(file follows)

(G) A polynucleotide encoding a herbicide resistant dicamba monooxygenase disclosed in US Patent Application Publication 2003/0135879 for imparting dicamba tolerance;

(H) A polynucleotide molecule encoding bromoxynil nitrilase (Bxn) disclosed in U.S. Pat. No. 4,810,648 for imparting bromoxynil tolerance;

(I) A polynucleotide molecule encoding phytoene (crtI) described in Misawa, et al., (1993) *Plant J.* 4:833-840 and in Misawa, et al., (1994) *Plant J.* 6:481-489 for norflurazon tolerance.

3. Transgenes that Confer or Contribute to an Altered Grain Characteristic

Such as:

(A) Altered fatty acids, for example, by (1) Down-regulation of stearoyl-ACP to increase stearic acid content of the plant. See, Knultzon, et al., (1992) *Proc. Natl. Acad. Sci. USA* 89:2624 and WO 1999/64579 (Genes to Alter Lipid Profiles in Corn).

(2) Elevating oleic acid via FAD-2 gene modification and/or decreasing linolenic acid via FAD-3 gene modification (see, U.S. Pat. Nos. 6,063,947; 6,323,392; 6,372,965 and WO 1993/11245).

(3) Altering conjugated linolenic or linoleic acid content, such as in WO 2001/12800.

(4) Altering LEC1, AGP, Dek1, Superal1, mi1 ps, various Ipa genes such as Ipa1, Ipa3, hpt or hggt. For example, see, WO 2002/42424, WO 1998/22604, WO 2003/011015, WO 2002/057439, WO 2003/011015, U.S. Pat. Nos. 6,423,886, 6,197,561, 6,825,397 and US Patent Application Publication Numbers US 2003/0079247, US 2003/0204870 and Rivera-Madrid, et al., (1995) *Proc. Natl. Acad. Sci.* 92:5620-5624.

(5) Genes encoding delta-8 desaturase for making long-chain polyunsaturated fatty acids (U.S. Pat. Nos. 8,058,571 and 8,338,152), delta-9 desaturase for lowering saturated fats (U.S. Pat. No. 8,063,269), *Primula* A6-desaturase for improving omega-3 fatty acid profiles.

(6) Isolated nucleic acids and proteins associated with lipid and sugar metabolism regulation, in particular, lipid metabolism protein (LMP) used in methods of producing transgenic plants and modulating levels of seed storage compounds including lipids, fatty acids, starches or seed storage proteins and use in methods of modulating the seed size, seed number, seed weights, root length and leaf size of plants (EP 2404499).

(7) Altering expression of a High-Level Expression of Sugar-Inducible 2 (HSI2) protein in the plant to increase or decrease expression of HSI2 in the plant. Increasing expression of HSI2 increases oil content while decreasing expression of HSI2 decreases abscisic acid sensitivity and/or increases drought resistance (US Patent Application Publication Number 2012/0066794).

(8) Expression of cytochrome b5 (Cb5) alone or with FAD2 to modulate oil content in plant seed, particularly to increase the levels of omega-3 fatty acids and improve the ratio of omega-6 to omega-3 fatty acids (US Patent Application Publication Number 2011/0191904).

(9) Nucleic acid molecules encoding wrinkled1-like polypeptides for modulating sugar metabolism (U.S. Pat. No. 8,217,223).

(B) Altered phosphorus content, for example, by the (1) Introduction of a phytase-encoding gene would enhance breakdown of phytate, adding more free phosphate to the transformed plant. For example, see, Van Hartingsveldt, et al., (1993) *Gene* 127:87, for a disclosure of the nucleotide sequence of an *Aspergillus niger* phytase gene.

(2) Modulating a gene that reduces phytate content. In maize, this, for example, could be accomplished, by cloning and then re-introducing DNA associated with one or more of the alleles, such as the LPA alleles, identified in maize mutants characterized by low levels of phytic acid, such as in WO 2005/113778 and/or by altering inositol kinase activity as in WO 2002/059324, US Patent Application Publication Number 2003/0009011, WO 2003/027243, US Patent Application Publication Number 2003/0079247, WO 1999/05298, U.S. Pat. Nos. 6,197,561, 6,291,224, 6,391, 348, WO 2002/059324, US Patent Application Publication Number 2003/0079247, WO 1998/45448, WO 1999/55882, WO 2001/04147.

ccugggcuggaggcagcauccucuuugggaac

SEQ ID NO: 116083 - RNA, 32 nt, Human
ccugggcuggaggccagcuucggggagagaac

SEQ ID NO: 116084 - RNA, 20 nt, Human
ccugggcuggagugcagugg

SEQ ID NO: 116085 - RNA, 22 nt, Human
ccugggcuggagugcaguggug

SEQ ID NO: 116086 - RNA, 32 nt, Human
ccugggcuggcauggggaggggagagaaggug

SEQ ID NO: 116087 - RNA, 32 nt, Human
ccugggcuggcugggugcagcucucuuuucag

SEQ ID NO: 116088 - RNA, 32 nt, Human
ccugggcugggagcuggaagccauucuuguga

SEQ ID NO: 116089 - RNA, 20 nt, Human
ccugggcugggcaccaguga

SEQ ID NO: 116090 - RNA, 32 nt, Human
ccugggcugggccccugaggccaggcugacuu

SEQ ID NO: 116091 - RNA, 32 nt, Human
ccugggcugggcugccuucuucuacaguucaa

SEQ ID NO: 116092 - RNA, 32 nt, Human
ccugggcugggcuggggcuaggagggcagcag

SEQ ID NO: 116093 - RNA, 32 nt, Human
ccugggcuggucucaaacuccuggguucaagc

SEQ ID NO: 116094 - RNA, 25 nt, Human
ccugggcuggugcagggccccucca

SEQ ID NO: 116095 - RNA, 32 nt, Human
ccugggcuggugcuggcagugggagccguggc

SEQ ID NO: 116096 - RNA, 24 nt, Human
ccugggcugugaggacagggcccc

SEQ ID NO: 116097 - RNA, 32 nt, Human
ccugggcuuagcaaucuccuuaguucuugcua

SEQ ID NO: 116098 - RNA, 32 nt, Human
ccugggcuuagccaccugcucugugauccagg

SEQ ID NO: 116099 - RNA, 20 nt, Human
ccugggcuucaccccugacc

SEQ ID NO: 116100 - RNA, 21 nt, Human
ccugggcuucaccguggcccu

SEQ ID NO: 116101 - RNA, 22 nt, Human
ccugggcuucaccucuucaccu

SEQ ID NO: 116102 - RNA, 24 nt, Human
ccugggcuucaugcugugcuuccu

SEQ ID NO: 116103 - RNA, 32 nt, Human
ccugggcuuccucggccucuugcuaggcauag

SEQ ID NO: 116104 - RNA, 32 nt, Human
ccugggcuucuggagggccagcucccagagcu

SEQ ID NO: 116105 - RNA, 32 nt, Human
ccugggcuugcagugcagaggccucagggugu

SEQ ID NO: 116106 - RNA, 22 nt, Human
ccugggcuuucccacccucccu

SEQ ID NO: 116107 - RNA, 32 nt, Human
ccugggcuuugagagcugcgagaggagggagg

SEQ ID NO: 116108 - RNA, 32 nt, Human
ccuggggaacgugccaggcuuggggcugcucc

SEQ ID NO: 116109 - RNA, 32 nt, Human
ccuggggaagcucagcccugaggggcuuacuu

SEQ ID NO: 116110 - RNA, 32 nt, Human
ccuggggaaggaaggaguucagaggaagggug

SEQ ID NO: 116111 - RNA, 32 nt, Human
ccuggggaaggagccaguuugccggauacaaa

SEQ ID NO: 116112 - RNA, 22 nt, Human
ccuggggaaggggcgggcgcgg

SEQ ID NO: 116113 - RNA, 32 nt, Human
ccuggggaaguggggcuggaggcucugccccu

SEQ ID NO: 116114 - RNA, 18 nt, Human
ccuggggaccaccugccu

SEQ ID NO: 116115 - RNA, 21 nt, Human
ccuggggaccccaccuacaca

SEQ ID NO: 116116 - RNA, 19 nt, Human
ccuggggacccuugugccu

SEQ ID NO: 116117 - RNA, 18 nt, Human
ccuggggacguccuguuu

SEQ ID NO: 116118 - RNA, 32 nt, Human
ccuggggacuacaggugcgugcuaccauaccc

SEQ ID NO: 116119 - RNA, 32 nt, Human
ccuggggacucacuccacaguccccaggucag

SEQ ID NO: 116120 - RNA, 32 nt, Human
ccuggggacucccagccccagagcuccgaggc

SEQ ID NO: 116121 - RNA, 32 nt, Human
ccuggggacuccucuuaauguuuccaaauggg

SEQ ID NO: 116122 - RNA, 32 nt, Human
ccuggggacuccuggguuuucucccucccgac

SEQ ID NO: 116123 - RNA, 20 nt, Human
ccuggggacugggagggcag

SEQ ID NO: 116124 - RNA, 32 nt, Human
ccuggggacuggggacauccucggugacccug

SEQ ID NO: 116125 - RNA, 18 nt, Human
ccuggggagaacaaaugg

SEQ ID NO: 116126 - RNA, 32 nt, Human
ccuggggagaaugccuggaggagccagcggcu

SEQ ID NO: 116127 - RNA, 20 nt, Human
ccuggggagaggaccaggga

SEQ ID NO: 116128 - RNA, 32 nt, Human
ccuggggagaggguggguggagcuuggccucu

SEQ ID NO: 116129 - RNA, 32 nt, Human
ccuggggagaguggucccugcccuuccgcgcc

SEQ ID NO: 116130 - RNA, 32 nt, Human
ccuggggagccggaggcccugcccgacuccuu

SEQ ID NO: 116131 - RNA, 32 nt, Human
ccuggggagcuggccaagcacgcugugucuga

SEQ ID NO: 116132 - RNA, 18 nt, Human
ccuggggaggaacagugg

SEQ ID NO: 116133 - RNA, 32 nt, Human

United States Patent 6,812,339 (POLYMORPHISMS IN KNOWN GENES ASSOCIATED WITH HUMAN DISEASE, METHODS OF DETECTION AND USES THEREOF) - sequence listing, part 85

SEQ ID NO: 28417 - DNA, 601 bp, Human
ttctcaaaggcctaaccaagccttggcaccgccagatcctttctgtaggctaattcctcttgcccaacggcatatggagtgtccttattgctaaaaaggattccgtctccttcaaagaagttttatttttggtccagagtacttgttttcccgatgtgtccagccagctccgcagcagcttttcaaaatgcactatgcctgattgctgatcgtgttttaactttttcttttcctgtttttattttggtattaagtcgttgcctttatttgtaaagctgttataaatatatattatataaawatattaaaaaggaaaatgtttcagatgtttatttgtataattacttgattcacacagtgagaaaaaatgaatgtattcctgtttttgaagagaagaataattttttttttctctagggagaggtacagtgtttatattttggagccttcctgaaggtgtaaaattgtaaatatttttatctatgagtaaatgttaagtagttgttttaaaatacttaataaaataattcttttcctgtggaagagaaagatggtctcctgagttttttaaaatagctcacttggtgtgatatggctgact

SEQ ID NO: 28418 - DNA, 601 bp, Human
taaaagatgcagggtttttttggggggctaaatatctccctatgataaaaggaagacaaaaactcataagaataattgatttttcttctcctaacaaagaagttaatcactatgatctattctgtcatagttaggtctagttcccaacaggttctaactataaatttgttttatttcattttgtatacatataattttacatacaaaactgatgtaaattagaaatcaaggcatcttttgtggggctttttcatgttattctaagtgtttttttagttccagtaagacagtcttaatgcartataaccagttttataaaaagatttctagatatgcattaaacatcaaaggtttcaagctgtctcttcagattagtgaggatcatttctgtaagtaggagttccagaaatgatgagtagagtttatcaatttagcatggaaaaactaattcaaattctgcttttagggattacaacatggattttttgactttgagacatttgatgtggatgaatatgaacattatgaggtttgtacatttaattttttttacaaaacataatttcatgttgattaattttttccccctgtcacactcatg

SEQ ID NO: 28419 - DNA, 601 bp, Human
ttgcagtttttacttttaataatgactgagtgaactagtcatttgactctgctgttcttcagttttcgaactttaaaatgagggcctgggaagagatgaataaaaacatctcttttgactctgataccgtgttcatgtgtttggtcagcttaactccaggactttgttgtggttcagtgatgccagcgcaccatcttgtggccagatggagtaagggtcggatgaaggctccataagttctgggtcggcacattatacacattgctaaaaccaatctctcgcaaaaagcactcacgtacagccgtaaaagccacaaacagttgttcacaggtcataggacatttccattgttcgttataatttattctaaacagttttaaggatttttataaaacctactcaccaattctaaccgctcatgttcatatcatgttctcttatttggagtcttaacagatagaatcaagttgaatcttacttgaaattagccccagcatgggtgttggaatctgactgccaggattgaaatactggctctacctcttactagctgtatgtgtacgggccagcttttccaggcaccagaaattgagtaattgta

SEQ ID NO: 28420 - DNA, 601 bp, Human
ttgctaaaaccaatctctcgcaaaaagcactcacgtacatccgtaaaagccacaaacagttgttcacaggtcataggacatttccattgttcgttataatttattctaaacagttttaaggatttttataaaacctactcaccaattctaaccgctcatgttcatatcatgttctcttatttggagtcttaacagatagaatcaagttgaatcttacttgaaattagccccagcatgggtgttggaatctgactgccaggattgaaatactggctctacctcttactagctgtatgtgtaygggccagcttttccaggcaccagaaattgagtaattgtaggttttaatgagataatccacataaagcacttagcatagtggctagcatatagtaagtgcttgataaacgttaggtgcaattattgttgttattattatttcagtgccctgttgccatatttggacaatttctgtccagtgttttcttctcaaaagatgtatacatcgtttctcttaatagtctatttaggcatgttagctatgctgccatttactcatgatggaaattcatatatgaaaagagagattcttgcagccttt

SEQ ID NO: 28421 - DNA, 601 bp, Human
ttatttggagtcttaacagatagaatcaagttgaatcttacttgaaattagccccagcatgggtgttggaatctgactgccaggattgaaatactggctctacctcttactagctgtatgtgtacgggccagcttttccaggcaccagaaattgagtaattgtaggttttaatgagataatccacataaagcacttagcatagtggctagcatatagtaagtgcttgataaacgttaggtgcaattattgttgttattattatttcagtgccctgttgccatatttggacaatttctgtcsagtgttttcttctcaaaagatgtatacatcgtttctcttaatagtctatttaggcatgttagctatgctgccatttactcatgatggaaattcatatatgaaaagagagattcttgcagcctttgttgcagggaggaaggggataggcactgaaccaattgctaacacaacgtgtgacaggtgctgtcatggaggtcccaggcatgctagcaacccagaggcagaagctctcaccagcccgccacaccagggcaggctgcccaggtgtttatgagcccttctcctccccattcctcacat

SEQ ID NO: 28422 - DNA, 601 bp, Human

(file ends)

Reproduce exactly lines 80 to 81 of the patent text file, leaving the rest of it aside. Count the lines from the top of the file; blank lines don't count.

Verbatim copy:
SEQ ID NO: 116114 - RNA, 18 nt, Human
ccuggggaccaccugccu